Fishing boat washed up in Japan after 10 years lost in tsunami | Japan disaster

A fishing boat has reappeared on shore Japan Nearly a decade after being swept into the Pacific – and up to the west coast of the United States – a massive tsunami has killed thousands of people and triggered a nuclear disaster.

The Small boat found off Hachizho Island Earlier this month, nine years and nine months later, 650 km. [403 miles] North.

The March 2011 tsunami, triggered by a magnitude 9.0 earthquake, killed more than 18,000 people and devastated much of the coast.

A local fishing cooperative confirmed that the 5.5-meter fiberglass boat once belonged to the Casenuma Fishing Navy, after verifying its registration number, Minichi Shimpan said.

The large coral reef found inside the boat before it ended up in Hachizho, 300 km south of Tokyo, has sparked speculation about where it went.

A local expert quoted by Minichi, it may have been transported across the Pacific to an area near the U.S. West Coast, after which it was transported to Southeast Asia at the northern equator, which flows east to west. The Croatian current flowing north may have brought the ship “home” later Japan, Said the expert.

Many debris traveled long distances across the Pacific after the tsunami, and its height and power contributed to the dissolution of the reactor. Fukushima Daisy Atomic Power Station.

In April 2012, a year later Three disasters, A couple living on Middleton Island in the Gulf of Alaska have discovered a football ball whose identities have been identified as belonging to a school in Iowa, one of the three provinces hardest hit by the tsunami.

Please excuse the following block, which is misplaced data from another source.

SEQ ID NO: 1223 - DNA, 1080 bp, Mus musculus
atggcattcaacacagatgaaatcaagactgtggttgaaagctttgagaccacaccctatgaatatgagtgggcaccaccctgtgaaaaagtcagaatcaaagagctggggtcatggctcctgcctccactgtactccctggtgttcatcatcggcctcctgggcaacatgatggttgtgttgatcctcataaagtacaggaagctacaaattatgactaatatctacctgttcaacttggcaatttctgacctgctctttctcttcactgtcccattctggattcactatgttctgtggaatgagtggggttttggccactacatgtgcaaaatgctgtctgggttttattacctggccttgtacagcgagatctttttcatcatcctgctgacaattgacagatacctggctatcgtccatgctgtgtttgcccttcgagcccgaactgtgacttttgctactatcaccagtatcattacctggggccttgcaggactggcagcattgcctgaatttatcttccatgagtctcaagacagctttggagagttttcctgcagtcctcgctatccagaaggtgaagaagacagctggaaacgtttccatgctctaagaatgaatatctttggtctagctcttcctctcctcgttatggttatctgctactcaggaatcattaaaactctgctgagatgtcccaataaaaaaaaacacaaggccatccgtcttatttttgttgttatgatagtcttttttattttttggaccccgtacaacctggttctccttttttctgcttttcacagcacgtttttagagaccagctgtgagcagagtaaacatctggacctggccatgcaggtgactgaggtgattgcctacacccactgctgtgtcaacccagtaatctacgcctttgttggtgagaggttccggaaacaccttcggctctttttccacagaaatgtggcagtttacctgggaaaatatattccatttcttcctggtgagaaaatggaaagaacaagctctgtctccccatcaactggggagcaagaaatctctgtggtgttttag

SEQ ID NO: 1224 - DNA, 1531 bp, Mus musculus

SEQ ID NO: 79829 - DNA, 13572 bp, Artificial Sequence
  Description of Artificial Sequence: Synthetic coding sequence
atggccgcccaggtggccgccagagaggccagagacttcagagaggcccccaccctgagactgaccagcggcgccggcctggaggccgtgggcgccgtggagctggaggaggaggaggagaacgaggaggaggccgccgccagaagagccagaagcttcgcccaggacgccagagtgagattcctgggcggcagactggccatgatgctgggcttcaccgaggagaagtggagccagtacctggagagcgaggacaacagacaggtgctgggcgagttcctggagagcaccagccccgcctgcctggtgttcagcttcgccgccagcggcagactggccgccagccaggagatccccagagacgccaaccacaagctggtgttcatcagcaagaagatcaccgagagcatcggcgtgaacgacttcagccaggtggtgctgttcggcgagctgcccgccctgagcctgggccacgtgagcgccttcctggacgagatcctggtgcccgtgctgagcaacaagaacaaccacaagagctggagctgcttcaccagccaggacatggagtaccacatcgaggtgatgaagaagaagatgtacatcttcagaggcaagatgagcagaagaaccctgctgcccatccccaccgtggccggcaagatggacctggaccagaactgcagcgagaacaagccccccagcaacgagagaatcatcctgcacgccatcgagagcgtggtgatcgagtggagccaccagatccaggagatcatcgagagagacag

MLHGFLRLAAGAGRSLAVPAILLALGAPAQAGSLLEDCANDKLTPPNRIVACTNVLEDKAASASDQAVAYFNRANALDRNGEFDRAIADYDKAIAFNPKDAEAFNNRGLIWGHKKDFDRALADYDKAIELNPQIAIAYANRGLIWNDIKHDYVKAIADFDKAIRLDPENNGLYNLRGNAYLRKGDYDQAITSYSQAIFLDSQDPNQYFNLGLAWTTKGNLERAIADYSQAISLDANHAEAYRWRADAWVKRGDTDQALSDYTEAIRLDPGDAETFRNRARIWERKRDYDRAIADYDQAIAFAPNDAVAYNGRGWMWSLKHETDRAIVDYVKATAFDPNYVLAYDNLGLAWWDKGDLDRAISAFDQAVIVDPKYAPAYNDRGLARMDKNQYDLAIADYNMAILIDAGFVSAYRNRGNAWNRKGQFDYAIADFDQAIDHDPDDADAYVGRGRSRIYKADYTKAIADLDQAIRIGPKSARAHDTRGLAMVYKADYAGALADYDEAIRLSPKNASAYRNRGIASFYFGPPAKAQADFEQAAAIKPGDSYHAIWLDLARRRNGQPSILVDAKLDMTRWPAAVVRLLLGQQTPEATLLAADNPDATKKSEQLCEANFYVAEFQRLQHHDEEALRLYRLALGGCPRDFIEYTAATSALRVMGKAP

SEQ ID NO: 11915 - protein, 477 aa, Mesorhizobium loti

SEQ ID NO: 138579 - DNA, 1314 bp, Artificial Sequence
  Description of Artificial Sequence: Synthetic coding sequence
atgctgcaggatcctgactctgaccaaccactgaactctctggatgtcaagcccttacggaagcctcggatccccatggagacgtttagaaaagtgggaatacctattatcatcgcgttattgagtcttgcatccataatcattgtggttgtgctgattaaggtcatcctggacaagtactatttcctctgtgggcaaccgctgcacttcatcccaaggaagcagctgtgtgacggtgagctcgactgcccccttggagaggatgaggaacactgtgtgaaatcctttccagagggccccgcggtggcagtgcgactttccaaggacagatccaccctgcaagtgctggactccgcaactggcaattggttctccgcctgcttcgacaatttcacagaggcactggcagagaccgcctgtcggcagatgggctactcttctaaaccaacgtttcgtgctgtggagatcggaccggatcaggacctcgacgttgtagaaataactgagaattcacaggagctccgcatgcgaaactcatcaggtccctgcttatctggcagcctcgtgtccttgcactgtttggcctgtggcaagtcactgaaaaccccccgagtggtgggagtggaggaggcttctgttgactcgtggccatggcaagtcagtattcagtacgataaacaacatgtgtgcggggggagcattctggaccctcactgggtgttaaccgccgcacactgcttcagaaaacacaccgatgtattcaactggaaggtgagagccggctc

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That same month, a U.S. Coast Guard sank a fishing boat off the coast of Alaska off the coast of Japan, considering it a danger to shipping.

In May of that year, Harley-Davidson lost the tsunami Washed 6,430 km off the Canadian island. The rusty motorcycle was found in a large white container, identified by its owner Ikuo Yokoyama with its number plate.

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Will Smith

About the Author: Will Smith

Alfred Lee covers public and private tech markets from New York. He was previously a Knight-Bagehot Fellow in Economics and Business Journalism at Columbia University, and prior to that was a reporter at the Los Angeles Business Journal. He has received a Journalist of the Year award from the L.A. Press Club and an investigative reporting award from the Society of American Business Editors and Writers.

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